The basic T-shirt is as much a wardrobe essential as a good pair of jeans. Whether dressed up with work clothes or dressed down for yard work, a go-to tee should be comfy and well-fitting, as well as durable and affordable. To help consumers find the best inexpensive T-shirts, Cheapism.com picked up men's and boys' shirts from five popular stores for comparison. Each tee went through six washes on the heavy-duty setting and six normal dry cycles, a test designed to simulate wear and tear. Before and after washing, Cheapism evaluated the feel and color of the fabric, the strength of the stitching, and the fit on a model, among other attributes. Feedback from online reviews also factored into the final ranking.
|Collar to Hem||Shoulder to Hem|
|Gap||Gap for men||$16.50||100 percent cotton||1"||1"|
|Gap for boys||$15||60/40 cotton/polyester||None||0.25"|
|JC Penney||Arizona for men||$12 / $6||100 percent cotton||2"||1.75"|
|Arizona for boys||$14 / $3||60/40 cotton/polyester||None||0.25"|
|Old Navy||Old Navy for men||$10||60/40 cotton/polyester||0.5"||1.75"|
|Old Navy for boys||$8 / $5||50/50 cotton/polyester||None||None|
|Target||Merona for men||$13||100 percent cotton||0.25"||0.5"|
|Circo for boys||$6 / $5||100 percent cotton||1.5"||1"|
|Walmart||Fruit of the Loom for men||$4.50 / $3.50||100 percent cotton||1.5"||1.25"|
|Fruit of the Loom for boys||$3.50||100 percent cotton||0.75"||1"|
1. Old Navy.
The men's crew-neck tee retails for about $10 and the boys' jersey ringer tee for about $8, and shoppers can snag them for less during frequent sales. The fabric is soft, with a nice weight, although some online reviewers say they would have preferred thicker material. The men's T-shirt, a 60/40 cotton/polyester blend, shrank 1.75 inches from shoulder seam to hem, but its ample length fit a 6-foot-1 model even after multiple washes. This shirt is best suited for those seeking a body-hugging fit or a layering piece for fall. The boys' T-shirt, a 50/50 blend, runs on the big side and didn't shrink at all. Overall the Old Navy shirts held up well when subjected to the laundry test, fit nicely, and quickly became the favorites of the testers. Hundreds of reviews on the Old Navy website also lean toward the five-star end of the spectrum.
These 100 percent cotton tees immediately stood out for two reasons: low price and heavy-duty fabrication. The men's version generally retails for less than $5 and the boys' version for less than $4. The material is thick and, judging by online reviews and Cheapism's testing, impressively durable. The men's tee shrank about 1.25 inches and the boys' tee about 1 inch from shoulder to hem, but their generous size still offered wiggle room and an easy fit post-wash. They come in a wide range of color options, and Walmart customers give the tees plenty of love on the retailer's website. Out of more than 100 reviews, more than 90 percent recommend the men's shirt.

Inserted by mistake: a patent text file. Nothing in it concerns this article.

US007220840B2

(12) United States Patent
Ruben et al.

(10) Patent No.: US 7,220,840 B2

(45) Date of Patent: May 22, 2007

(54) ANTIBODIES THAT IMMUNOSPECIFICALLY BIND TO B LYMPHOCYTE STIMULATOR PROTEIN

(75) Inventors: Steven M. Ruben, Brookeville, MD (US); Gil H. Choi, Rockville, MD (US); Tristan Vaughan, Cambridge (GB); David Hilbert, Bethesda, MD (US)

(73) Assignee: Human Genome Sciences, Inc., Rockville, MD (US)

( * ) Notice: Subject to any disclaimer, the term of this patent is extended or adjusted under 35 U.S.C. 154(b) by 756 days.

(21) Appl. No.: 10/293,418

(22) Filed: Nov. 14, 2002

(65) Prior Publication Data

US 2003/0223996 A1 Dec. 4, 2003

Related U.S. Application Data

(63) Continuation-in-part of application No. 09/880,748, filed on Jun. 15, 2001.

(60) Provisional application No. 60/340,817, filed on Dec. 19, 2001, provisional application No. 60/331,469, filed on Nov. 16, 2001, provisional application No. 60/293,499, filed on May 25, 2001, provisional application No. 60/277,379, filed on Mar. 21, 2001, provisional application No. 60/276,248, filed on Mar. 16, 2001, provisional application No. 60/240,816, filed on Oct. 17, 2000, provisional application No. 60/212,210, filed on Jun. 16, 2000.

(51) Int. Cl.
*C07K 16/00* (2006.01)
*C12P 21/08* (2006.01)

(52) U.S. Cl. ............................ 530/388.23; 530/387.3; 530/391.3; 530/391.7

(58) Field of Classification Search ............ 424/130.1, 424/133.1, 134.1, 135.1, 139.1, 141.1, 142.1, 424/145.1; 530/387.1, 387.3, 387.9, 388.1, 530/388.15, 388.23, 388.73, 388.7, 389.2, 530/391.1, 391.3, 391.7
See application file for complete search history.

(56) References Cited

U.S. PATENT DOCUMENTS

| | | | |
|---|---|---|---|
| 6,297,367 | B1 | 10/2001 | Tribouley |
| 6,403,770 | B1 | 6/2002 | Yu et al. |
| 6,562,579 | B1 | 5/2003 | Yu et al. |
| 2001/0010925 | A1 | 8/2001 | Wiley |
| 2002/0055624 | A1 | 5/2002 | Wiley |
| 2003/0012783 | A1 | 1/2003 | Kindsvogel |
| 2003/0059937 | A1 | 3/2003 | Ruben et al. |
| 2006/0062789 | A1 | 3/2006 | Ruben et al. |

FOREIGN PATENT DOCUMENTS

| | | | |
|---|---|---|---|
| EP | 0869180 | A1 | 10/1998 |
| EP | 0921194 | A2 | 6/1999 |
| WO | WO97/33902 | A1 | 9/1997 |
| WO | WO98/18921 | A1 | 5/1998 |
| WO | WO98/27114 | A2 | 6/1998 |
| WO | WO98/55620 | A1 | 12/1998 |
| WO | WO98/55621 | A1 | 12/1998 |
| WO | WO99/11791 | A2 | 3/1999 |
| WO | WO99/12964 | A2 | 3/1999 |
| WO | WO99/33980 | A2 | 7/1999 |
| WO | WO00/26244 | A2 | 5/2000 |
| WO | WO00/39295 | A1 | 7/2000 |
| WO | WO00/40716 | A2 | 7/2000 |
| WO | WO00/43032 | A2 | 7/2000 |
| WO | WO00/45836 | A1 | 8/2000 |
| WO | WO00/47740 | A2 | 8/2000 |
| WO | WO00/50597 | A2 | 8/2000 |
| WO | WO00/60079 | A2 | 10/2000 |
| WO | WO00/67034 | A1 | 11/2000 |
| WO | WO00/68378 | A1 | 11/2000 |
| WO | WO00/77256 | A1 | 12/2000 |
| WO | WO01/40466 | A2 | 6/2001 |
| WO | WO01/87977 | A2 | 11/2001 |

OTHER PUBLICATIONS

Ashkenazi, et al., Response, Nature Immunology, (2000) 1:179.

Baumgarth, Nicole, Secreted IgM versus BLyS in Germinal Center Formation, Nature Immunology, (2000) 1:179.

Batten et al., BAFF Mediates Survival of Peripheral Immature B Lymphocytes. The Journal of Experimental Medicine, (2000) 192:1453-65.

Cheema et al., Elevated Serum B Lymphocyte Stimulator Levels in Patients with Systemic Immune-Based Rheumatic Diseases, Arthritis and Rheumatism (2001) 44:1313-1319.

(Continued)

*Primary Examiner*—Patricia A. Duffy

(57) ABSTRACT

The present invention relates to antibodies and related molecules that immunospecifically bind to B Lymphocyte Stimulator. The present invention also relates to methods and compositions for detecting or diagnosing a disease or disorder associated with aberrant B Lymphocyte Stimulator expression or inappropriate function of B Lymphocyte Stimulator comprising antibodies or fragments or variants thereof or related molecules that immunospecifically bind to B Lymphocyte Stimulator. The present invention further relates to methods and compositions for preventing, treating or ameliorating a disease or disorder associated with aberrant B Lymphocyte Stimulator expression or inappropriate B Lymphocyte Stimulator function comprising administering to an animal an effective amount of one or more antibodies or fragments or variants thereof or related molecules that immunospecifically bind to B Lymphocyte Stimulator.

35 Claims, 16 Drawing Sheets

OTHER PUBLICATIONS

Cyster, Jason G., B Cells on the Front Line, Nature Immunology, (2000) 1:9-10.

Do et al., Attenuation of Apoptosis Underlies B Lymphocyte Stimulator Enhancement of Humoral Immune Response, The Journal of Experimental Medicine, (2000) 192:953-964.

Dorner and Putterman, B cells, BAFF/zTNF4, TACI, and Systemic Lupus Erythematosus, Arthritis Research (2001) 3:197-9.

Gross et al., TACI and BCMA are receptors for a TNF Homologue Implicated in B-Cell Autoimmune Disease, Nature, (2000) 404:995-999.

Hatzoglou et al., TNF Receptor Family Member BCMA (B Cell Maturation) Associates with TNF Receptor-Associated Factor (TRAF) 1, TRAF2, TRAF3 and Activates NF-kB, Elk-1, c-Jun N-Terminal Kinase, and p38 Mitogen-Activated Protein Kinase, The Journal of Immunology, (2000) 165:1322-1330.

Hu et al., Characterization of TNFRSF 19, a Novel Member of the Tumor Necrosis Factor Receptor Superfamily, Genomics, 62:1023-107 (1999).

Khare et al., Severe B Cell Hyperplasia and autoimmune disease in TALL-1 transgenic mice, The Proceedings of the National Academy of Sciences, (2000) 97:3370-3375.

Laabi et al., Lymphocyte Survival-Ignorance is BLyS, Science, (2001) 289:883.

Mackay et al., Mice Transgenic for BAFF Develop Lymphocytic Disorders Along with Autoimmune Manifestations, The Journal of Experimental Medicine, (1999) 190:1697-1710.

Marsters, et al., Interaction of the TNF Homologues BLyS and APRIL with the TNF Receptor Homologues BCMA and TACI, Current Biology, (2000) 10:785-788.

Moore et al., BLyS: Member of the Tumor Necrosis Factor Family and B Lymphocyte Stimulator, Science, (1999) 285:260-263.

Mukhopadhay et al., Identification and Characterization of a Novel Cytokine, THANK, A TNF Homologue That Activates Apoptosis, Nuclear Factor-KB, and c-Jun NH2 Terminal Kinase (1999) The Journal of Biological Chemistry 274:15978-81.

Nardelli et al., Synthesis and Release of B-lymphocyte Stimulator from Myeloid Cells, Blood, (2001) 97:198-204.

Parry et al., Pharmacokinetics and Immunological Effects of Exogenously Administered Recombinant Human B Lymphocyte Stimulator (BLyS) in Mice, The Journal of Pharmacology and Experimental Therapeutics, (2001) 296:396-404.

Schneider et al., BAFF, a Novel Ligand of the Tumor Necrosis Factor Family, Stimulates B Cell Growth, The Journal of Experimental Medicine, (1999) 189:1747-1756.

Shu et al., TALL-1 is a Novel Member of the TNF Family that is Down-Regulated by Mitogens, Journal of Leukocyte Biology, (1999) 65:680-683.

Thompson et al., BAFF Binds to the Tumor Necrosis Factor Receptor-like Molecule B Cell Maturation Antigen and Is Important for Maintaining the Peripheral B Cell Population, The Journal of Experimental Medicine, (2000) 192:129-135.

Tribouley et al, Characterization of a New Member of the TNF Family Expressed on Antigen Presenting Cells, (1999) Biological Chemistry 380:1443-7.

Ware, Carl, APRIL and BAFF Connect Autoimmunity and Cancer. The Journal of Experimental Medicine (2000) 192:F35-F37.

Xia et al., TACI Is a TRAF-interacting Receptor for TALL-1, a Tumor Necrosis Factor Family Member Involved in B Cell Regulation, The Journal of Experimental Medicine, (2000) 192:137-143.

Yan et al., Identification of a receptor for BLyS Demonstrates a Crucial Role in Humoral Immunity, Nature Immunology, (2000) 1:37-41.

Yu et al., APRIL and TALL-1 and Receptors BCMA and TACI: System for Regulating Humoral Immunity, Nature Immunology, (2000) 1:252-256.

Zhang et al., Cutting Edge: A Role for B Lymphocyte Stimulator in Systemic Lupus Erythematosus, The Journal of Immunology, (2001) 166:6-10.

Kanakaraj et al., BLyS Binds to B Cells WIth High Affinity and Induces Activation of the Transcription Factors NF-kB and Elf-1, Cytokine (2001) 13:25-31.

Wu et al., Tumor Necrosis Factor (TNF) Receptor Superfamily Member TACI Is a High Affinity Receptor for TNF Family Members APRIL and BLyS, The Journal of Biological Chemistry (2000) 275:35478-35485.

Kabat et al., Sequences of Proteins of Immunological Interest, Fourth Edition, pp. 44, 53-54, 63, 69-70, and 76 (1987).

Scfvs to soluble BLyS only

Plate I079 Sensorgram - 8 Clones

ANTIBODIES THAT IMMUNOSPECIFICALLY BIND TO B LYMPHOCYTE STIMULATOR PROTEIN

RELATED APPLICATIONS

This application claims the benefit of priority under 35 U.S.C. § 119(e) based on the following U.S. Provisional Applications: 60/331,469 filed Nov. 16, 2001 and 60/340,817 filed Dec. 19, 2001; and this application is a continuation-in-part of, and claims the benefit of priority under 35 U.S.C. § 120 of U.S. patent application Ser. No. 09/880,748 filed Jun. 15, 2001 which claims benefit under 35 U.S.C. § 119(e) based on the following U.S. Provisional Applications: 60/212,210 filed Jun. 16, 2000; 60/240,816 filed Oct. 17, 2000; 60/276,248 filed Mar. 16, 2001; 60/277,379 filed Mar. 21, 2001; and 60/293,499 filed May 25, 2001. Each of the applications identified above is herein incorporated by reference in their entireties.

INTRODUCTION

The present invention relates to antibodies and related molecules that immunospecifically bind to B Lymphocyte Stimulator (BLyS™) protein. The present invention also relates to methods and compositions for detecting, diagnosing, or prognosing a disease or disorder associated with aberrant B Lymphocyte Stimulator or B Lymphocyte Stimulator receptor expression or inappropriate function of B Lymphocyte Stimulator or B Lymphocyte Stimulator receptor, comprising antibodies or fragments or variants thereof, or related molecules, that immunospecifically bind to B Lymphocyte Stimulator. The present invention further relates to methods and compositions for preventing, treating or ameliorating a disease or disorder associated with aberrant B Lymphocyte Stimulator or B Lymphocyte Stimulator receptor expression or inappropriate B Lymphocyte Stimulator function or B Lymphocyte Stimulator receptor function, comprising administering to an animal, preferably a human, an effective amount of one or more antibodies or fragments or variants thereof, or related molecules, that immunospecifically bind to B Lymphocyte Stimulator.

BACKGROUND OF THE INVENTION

Although the Gap isn't as cheap as its sibling brand Old Navy, there is no denying the popularity of Gap tees. They were included side by side with the less expensive offerings to see if the higher price was justified. The men's shirt, made from 100 percent cotton, cost just under $17, and the boys' tee, a cotton/poly blend, was about $15 at full price. Both fabrics were soft to the touch and obviously a higher grade than the material of the cheaper shirts in the test. The fit was relaxed but skimmed the body nicely. The material held up well in the wash, with no visible fraying or pilling. On the downside, the necklines stretched out visibly, especially on the men's version.
These Target-brand tees -- Merona for men and Circo for boys -- go for about $13 and $6, respectively. Perhaps their biggest selling point is the optimal weight of the fabric. Both the men's shirt, a 100 percent cotton tee, and the boys' shirt, a cotton/poly blend, were thinner than Fruit of the Loom tees from Walmart yet thicker than the other tees in the test. The sleeve fit also hit a sweet spot. Although these T-shirts fit nicely and earned the testers' approval initially, they didn't hold up as well as others. After repeated wash cycles, the fabric fuzzed, pilled, and faded slightly but noticeably. The crew neck of the boys' shirt also stretched out quite a bit.
The Arizona Jean Co. men's slub-knit tee, $12 at JC Penney (but half the cost on sale), was the biggest disappointment of all the shirts in the comparison. Slub-knit cotton may be trendy, but the material of this T-shirt has an odd texture that contrasted with the smooth, soft feel of most of the other shirts. This tee shrank inconsistently in the wash, pulling tightly in the chest and sleeves while stretching and bagging unattractively in the neck and shoulders. The boys' version performed better but didn't offer anything special. Normally $14, it was on sale for about $3. The fabric was a little on the thin side, and the fit was slightly skimpier than the others. Combined, these tees were underwhelming and left the testers scrambling to change into something more comfortable.